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Discussion Starter · #1 ·
I am a crossroads and wanted to get opinions of some experienced expats. I am arriving in Playa del Carmen this coming friday to start looking for a place to live. I am trying to decide what my best options are regarding Health Insurance. I previously had a travellers Health Policy for emergency evacuation etc. Pretty high deductible and about $1000 a year.

What advice can I get about waiting to get Mexican Health Insurance, or should I opt in to the travellers insurance policy.

Also, what Travellers Insurance companies offer the best alternatives regarding pre-existing conditions (hernia) and what reliable Mexican Health Insurance options can I look forward to.

Thanks in advance

Steve
 

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You don´t state your age but the older you get the harder it is to get the best major medical insurance which is what you want down here (or anywhere else for that matter). In my judgment. as you age and new infirmities appear like magic - some quite costly even in Mexico - you will find it harder and harder to qualify for non- cancellable major meical coverage even with a large deductible feature; perhaps this critical insurance coverage will be denied you altogether if you have reached a certain age.

We bought unlimited major medical insurance coverage immmediately upon moving to and establishing residence in Mexico in 2001. I was then 59 and my wife was 54. No problem - not even a serious medical examination upon inception. Today we have been with the same insurance company (AXA) for 14 years now are granfathered in for life albeit with increased annual premiums which are substantial but beat the hell out of the catestrophic cost which we might incur if either of us becomes seriousy ill. I am now 73 and my wife is 68 and were we not already insured for years with major medical coverage, I don´t think we would stand a chance in hell of buying that type of coverage today under new policies. Our deductibles are $30,000MXN per claimed incident wjich is OK by me since the purpose of major madical insurance from a reputable international carrier through a company such as AXA with a local and responsive local agent is critically important to insure you against financial catastrophy in the event of a a truly serious illness resulting in lengthy hospitalization.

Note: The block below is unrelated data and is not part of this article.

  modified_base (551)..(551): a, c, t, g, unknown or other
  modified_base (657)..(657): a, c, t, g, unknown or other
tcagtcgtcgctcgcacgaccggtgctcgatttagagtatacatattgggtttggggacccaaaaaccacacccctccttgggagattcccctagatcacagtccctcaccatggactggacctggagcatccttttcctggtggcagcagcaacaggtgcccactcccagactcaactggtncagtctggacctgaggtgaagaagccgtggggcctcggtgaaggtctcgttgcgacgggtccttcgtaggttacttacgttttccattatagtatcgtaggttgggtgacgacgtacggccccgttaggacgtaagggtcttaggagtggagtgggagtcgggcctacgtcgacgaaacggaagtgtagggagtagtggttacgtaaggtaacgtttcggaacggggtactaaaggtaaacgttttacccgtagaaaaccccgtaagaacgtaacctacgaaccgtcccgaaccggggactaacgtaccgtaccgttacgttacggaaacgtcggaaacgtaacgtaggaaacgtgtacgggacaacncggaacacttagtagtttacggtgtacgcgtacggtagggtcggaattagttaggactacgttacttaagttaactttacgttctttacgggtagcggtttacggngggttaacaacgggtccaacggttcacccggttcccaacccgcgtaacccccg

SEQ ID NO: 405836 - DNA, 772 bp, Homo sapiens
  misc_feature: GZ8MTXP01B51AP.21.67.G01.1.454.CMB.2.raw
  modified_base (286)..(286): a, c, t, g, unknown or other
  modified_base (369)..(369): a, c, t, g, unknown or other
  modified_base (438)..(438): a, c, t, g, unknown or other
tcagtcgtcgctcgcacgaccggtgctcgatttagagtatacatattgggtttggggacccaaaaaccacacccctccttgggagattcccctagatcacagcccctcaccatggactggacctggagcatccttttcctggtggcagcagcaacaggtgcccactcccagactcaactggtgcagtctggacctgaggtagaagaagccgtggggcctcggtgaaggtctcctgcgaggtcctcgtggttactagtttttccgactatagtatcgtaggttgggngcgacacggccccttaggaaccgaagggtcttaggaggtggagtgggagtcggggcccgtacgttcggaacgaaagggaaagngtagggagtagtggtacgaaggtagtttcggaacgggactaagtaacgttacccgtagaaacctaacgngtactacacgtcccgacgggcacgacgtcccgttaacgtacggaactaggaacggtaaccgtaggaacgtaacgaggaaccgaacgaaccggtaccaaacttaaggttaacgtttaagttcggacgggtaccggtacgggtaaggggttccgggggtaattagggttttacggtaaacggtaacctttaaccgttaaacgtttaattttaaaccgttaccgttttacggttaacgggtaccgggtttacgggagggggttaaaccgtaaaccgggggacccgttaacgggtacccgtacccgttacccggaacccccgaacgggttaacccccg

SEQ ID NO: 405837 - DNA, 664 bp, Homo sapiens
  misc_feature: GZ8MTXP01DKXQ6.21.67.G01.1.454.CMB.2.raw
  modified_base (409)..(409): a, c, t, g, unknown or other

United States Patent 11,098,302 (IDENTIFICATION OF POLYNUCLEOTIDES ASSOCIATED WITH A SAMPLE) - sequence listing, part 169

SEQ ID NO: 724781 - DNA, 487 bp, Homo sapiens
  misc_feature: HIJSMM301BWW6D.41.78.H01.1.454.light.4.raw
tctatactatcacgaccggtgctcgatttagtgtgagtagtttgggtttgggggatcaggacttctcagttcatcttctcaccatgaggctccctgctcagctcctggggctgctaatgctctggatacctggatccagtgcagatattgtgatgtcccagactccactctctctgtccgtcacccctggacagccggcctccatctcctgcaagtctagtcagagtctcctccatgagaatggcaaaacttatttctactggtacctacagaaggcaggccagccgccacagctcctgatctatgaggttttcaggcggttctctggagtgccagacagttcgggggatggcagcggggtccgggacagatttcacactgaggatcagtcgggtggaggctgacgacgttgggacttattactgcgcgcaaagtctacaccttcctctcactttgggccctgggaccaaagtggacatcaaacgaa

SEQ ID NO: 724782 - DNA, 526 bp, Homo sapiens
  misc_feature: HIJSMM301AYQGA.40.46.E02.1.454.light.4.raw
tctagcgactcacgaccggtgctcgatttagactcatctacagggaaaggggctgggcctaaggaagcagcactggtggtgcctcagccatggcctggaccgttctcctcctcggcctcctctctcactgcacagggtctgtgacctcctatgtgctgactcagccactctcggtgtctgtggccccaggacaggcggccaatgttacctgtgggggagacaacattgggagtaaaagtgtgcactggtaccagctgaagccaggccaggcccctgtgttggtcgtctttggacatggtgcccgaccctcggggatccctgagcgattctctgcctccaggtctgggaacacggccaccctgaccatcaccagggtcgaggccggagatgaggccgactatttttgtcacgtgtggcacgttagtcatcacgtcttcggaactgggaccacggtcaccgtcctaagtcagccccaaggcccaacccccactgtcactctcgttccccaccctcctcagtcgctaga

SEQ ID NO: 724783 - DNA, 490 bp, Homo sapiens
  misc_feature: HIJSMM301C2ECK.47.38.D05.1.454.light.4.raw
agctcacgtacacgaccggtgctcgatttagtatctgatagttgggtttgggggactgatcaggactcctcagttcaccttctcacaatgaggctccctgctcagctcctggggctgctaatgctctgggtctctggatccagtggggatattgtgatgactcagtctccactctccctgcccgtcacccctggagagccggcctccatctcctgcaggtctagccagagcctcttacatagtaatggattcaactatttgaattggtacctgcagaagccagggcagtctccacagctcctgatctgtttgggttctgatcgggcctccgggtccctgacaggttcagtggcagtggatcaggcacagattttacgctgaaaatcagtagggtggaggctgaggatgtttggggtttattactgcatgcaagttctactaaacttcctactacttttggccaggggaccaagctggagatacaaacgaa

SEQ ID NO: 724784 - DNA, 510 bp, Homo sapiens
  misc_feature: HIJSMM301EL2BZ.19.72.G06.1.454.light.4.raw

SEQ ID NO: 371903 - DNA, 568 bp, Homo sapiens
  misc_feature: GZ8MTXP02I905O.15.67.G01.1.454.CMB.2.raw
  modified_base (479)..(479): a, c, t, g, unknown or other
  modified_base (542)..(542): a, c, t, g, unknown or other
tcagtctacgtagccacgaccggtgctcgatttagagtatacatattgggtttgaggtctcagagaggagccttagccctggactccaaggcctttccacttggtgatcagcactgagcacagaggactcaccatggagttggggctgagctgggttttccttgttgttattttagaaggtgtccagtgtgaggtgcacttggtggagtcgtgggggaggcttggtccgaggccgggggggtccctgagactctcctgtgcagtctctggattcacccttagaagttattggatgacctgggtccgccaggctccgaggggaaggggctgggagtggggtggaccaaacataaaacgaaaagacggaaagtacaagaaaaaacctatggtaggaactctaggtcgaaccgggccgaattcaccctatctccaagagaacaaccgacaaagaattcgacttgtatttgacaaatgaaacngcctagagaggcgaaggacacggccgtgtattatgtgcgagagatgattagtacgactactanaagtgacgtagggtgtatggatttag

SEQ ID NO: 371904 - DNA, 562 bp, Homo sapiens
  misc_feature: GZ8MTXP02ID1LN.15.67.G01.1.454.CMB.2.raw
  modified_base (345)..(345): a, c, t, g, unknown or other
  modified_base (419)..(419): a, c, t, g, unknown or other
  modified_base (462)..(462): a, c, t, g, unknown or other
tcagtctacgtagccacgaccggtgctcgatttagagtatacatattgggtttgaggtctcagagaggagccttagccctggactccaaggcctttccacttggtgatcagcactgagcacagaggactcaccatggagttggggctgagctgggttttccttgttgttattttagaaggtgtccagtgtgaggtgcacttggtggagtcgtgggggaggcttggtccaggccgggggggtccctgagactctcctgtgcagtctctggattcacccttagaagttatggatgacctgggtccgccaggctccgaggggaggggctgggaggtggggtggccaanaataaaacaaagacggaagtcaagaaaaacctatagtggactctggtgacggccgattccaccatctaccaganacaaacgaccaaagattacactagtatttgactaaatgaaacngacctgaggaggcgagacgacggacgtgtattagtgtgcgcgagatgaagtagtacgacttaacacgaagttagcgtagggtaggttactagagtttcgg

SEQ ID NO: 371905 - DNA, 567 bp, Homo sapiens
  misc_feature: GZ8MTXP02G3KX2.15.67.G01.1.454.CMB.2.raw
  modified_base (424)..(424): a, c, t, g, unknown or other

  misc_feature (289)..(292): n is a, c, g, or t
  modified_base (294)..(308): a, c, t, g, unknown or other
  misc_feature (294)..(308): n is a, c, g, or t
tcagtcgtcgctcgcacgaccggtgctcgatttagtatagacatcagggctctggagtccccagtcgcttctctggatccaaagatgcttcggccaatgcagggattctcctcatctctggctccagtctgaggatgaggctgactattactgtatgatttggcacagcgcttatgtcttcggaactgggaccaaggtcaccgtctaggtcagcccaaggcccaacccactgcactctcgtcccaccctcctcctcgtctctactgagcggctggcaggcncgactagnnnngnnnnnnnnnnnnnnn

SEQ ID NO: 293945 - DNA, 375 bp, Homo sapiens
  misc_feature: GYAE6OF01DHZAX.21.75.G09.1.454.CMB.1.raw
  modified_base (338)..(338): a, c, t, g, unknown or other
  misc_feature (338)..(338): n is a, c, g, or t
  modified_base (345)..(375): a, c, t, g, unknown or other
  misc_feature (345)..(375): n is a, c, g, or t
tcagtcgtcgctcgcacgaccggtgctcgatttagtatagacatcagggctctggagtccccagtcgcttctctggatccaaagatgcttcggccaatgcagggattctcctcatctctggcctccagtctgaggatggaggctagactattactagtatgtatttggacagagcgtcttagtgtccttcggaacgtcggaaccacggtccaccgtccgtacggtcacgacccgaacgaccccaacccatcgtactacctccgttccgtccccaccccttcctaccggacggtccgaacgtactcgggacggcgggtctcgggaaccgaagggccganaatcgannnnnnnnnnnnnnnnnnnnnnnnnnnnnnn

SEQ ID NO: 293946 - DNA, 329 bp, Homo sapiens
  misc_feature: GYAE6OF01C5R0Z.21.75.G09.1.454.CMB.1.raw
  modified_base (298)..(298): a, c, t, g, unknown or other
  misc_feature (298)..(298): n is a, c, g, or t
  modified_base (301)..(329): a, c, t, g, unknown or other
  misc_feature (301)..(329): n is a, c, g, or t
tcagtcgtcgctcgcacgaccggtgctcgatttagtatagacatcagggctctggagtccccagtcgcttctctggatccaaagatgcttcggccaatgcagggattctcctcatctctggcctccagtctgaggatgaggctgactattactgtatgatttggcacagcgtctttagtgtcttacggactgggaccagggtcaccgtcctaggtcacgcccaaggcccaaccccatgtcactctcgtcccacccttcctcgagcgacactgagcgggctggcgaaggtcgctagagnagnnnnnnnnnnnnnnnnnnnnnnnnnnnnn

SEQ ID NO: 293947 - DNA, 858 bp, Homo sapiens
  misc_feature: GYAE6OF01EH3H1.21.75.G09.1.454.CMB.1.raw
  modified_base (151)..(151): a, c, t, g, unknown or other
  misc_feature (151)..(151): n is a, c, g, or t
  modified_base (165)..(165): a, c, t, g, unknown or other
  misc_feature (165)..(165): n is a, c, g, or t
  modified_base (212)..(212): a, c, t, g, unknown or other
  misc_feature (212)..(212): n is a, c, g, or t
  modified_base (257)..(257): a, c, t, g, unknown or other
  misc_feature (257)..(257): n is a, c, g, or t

Many expats depend on Mexican government sponsored IMSS medical coverage and some opt for Seguridad Popular meant to provide medical insurance for the poor and perhaps you should look into those programs but I would choose neither as, in my opinión, neither can assure you the top medical (team) care you may need someday and hospitalization in the best hospitals with private suites and comfortable in-room accomodations for relatives or friends who choose to visit or stay with you. There are those who may disagree with that assessment and they are welcome to express their opinions but I would never purposely give up my high quality private medical insurance - especially at this stage of my life.

In my opinión. "travellers´ insurance is a chancy risk and, if I were you I would get off of that type of coverage ASAP.
 

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Your age is crucial. The other day, just out of curiosity, I checked out the AXA website and found out they will not sell a policy to anyone over 64!
 

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Many expats depend on Mexican government sponsored IMSS medical coverage and some opt for Seguridad Popular meant to provide medical insurance for the poor and perhaps you should look into those programs but I would choose neither as, in my opinión, neither can assure you the top medical (team) care you may need someday and hospitalization in the best hospitals with private suites and comfortable in-room accomodations for relatives or friends who choose to visit or stay with you.